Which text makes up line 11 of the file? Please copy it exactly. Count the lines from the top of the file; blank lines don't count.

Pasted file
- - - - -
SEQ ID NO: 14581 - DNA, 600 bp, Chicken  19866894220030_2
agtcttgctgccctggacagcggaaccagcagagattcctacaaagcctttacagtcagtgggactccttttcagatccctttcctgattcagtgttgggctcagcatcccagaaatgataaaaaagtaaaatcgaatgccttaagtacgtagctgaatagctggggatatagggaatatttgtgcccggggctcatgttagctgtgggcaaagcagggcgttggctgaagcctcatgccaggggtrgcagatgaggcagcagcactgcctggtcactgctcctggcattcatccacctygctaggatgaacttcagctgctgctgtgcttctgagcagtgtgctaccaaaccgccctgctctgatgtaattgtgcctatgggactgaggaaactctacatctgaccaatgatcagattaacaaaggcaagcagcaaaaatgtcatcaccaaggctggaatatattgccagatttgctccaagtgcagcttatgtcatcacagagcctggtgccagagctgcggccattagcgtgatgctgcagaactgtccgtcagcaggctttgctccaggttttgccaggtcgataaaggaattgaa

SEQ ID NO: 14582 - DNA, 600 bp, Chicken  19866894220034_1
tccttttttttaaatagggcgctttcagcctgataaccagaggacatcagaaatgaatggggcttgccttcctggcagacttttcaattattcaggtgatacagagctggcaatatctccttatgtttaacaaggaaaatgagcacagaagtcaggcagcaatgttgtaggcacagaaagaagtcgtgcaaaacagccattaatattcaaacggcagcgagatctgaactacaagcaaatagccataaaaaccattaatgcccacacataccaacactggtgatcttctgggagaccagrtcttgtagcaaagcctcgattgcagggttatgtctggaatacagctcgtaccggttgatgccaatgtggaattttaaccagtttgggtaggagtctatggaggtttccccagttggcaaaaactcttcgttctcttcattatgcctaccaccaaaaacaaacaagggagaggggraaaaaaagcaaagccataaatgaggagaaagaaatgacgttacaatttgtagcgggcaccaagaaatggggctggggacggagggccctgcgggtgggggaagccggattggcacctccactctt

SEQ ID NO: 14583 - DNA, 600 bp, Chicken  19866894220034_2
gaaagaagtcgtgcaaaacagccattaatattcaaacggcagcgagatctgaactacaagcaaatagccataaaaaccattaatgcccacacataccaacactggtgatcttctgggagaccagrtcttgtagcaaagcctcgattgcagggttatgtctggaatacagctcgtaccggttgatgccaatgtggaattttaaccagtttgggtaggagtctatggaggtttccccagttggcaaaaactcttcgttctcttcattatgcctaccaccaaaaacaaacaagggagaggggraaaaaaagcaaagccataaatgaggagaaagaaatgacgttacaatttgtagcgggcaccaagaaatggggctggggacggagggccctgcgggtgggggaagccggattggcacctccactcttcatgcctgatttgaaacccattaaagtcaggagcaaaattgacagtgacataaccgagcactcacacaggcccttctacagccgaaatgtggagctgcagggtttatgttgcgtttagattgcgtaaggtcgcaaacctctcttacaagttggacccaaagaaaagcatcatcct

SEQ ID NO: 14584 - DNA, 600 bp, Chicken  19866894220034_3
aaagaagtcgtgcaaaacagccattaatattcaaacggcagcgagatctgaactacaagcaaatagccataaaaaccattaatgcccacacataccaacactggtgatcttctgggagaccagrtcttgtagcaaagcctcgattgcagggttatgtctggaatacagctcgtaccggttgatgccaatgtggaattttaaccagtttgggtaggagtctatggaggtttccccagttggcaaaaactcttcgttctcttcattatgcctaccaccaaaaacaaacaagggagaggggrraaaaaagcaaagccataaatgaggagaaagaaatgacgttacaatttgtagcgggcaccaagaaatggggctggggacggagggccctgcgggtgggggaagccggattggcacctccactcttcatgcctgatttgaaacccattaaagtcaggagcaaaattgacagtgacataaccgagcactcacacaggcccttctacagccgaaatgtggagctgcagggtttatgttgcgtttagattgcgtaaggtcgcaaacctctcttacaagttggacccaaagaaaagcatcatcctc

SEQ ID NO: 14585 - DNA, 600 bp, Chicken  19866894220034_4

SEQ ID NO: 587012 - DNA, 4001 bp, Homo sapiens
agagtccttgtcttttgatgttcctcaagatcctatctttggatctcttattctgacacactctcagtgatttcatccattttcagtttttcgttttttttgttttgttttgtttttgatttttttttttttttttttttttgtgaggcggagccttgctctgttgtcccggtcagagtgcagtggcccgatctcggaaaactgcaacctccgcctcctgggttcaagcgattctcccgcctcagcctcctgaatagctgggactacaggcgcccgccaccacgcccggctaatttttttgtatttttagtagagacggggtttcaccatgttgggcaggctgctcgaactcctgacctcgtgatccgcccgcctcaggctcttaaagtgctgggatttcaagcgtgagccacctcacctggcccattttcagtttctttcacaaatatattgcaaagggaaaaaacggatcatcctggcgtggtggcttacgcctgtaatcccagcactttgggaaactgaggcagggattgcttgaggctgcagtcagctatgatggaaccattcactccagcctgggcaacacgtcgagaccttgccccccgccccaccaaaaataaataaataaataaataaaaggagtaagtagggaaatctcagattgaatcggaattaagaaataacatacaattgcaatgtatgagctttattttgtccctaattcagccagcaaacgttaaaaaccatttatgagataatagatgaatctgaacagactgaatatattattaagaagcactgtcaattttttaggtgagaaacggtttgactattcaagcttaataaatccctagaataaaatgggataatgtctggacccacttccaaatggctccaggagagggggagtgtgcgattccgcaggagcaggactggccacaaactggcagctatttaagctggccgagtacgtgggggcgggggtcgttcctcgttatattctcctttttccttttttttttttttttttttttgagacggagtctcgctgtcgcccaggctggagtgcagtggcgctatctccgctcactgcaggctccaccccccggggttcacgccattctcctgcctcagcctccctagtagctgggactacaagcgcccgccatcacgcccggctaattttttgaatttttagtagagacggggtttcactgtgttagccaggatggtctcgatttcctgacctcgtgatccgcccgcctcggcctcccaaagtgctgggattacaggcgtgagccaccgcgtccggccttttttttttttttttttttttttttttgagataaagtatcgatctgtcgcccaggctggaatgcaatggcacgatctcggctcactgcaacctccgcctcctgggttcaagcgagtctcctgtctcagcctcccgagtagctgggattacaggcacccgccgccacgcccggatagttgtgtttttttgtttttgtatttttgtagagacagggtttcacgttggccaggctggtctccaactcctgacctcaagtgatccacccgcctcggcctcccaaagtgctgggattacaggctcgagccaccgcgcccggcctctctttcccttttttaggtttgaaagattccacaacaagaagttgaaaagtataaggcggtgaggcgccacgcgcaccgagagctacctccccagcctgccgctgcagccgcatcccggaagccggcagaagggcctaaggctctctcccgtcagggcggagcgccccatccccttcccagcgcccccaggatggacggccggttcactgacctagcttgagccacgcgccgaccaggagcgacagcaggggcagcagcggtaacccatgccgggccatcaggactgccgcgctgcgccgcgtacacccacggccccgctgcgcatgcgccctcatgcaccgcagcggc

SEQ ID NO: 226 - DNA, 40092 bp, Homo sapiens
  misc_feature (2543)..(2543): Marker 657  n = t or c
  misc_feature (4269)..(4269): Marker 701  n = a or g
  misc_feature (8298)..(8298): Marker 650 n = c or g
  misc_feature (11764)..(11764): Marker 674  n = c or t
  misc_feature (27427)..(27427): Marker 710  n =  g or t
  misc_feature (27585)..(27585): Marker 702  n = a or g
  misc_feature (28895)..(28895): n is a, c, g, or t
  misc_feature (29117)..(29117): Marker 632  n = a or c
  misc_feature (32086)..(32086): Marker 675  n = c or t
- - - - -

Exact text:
agagtccttgtcttttgatgttcctcaagatcctatctttggatctcttattctgacacactctcagtgatttcatccattttcagtttttcgttttttttgttttgttttgtttttgatttttttttttttttttttttttgtgaggcggagccttgctctgttgtcccggtcagagtgcagtggcccgatctcggaaaactgcaacctccgcctcctgggttcaagcgattctcccgcctcagcctcctgaatagctgggactacaggcgcccgccaccacgcccggctaatttttttgtatttttagtagagacggggtttcaccatgttgggcaggctgctcgaactcctgacctcgtgatccgcccgcctcaggctcttaaagtgctgggatttcaagcgtgagccacctcacctggcccattttcagtttctttcacaaatatattgcaaagggaaaaaacggatcatcctggcgtggtggcttacgcctgtaatcccagcactttgggaaactgaggcagggattgcttgaggctgcagtcagctatgatggaaccattcactccagcctgggcaacacgtcgagaccttgccccccgccccaccaaaaataaataaataaataaataaaaggagtaagtagggaaatctcagattgaatcggaattaagaaataacatacaattgcaatgtatgagctttattttgtccctaattcagccagcaaacgttaaaaaccatttatgagataatagatgaatctgaacagactgaatatattattaagaagcactgtcaattttttaggtgagaaacggtttgactattcaagcttaataaatccctagaataaaatgggataatgtctggacccacttccaaatggctccaggagagggggagtgtgcgattccgcaggagcaggactggccacaaactggcagctatttaagctggccgagtacgtgggggcgggggtcgttcctcgttatattctcctttttccttttttttttttttttttttttgagacggagtctcgctgtcgcccaggctggagtgcagtggcgctatctccgctcactgcaggctccaccccccggggttcacgccattctcctgcctcagcctccctagtagctgggactacaagcgcccgccatcacgcccggctaattttttgaatttttagtagagacggggtttcactgtgttagccaggatggtctcgatttcctgacctcgtgatccgcccgcctcggcctcccaaagtgctgggattacaggcgtgagccaccgcgtccggccttttttttttttttttttttttttttttgagataaagtatcgatctgtcgcccaggctggaatgcaatggcacgatctcggctcactgcaacctccgcctcctgggttcaagcgagtctcctgtctcagcctcccgagtagctgggattacaggcacccgccgccacgcccggatagttgtgtttttttgtttttgtatttttgtagagacagggtttcacgttggccaggctggtctccaactcctgacctcaagtgatccacccgcctcggcctcccaaagtgctgggattacaggctcgagccaccgcgcccggcctctctttcccttttttaggtttgaaagattccacaacaagaagttgaaaagtataaggcggtgaggcgccacgcgcaccgagagctacctccccagcctgccgctgcagccgcatcccggaagccggcagaagggcctaaggctctctcccgtcagggcggagcgccccatccccttcccagcgcccccaggatggacggccggttcactgacctagcttgagccacgcgccgaccaggagcgacagcaggggcagcagcggtaacccatgccgggccatcaggactgccgcgctgcgccgcgtacacccacggccccgctgcgcatgcgccctcatgcaccgcagcggc